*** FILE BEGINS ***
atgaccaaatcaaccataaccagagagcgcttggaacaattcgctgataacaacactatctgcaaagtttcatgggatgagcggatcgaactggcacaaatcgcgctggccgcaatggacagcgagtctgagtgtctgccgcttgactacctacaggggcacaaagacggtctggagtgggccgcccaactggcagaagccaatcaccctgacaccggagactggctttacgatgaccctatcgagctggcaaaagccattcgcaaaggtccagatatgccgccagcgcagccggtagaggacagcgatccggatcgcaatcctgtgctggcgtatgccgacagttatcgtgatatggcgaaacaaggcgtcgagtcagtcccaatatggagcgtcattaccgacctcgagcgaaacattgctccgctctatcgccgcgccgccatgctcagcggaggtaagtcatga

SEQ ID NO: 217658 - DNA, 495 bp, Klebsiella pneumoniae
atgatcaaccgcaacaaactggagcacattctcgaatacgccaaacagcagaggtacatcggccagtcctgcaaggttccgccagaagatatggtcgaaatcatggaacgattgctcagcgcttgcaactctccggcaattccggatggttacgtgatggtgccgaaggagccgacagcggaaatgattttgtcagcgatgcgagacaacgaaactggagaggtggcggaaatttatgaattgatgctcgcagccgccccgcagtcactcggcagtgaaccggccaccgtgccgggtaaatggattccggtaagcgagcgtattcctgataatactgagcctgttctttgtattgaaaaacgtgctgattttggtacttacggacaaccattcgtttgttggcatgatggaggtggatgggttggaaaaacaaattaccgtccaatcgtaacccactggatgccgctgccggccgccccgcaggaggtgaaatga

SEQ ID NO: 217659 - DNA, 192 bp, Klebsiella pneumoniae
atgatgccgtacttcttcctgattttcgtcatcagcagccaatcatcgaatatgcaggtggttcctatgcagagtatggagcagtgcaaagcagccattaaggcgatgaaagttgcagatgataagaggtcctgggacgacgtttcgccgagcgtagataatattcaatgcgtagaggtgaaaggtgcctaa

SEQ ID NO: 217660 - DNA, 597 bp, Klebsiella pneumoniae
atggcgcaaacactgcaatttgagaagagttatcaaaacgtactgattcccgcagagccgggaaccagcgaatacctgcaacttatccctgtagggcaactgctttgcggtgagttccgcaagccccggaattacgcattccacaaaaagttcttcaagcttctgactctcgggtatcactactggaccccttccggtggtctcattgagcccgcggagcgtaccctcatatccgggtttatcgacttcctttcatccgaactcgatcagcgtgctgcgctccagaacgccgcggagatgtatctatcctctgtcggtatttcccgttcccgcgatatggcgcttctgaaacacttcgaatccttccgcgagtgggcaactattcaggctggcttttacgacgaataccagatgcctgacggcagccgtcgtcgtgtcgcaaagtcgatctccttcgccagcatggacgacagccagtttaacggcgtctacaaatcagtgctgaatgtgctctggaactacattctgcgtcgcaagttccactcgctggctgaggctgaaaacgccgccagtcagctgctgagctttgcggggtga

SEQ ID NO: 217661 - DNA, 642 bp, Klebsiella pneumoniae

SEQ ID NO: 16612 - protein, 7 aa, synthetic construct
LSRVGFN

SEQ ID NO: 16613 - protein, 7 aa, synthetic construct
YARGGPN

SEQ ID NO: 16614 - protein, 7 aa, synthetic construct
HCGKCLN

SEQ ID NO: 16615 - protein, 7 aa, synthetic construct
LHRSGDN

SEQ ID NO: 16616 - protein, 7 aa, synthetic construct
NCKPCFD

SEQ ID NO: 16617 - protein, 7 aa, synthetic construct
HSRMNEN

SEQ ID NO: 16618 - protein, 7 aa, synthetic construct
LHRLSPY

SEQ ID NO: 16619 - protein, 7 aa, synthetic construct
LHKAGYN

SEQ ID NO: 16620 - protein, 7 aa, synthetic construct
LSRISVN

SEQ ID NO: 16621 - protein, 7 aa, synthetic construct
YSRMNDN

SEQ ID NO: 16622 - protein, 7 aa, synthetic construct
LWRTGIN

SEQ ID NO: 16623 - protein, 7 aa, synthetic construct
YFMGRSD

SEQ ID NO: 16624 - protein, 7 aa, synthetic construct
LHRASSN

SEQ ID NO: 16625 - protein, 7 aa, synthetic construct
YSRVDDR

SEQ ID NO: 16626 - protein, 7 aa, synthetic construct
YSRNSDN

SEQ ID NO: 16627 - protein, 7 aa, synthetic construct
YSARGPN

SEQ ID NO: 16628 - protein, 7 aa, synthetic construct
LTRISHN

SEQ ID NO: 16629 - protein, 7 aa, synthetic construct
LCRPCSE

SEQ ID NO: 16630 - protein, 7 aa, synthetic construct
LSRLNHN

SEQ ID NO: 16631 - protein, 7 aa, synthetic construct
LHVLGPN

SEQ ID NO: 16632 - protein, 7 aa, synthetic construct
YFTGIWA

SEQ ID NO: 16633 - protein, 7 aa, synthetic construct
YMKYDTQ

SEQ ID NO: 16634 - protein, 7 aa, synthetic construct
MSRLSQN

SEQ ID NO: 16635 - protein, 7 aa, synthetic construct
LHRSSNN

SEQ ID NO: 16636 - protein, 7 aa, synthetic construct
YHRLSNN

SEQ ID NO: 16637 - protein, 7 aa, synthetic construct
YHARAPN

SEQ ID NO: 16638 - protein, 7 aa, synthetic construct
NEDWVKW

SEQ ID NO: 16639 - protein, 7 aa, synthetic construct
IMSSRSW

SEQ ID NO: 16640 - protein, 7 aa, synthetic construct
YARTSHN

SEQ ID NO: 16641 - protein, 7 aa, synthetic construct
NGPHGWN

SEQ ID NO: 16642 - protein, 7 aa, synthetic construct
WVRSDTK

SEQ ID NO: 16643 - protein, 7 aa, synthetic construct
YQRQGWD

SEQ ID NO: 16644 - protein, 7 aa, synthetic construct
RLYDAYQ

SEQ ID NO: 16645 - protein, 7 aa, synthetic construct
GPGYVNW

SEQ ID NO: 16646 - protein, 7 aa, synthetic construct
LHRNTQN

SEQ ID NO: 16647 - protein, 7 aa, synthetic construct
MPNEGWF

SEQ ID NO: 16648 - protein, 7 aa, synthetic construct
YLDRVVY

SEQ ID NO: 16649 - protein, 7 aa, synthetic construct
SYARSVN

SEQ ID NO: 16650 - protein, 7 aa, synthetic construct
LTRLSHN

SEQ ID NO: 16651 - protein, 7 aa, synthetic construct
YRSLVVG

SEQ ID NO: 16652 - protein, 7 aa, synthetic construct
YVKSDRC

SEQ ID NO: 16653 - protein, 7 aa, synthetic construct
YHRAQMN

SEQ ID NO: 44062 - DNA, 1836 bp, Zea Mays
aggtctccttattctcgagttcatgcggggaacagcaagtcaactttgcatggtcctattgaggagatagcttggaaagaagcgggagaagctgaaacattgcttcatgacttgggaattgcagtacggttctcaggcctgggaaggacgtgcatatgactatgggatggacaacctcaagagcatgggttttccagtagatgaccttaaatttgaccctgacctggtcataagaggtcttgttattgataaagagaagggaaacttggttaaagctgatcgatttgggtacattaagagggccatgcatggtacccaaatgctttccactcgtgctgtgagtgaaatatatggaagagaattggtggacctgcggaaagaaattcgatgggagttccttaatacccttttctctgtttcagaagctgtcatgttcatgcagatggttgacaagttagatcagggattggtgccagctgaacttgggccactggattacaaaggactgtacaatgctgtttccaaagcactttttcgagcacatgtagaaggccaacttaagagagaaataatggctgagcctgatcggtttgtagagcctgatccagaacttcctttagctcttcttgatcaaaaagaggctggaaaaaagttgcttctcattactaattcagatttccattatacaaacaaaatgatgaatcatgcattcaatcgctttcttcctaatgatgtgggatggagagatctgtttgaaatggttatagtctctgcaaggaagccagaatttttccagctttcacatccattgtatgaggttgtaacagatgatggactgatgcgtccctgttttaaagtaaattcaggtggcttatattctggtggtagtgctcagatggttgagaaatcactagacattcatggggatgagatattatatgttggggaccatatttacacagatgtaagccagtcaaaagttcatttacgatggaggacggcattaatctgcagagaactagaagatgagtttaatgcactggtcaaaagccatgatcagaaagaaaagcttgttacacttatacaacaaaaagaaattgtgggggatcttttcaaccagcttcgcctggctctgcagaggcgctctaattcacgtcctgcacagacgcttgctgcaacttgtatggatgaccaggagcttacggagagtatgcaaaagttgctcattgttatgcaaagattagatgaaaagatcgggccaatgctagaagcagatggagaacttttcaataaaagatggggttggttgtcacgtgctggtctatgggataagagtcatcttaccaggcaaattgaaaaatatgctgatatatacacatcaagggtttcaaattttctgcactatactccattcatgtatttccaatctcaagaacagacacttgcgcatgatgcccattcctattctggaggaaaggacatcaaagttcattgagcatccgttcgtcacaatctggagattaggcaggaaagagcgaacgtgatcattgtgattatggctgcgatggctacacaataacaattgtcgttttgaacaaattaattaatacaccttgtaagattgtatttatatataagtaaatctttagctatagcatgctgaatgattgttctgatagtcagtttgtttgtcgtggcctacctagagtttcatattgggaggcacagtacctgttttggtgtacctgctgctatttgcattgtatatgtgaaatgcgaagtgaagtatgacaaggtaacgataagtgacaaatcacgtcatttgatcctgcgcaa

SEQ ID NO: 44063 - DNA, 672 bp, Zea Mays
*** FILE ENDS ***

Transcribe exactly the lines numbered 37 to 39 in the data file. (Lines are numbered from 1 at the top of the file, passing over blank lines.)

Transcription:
SEQ ID NO: 16626 - protein, 7 aa, synthetic construct
YSRNSDN

SEQ ID NO: 16627 - protein, 7 aa, synthetic construct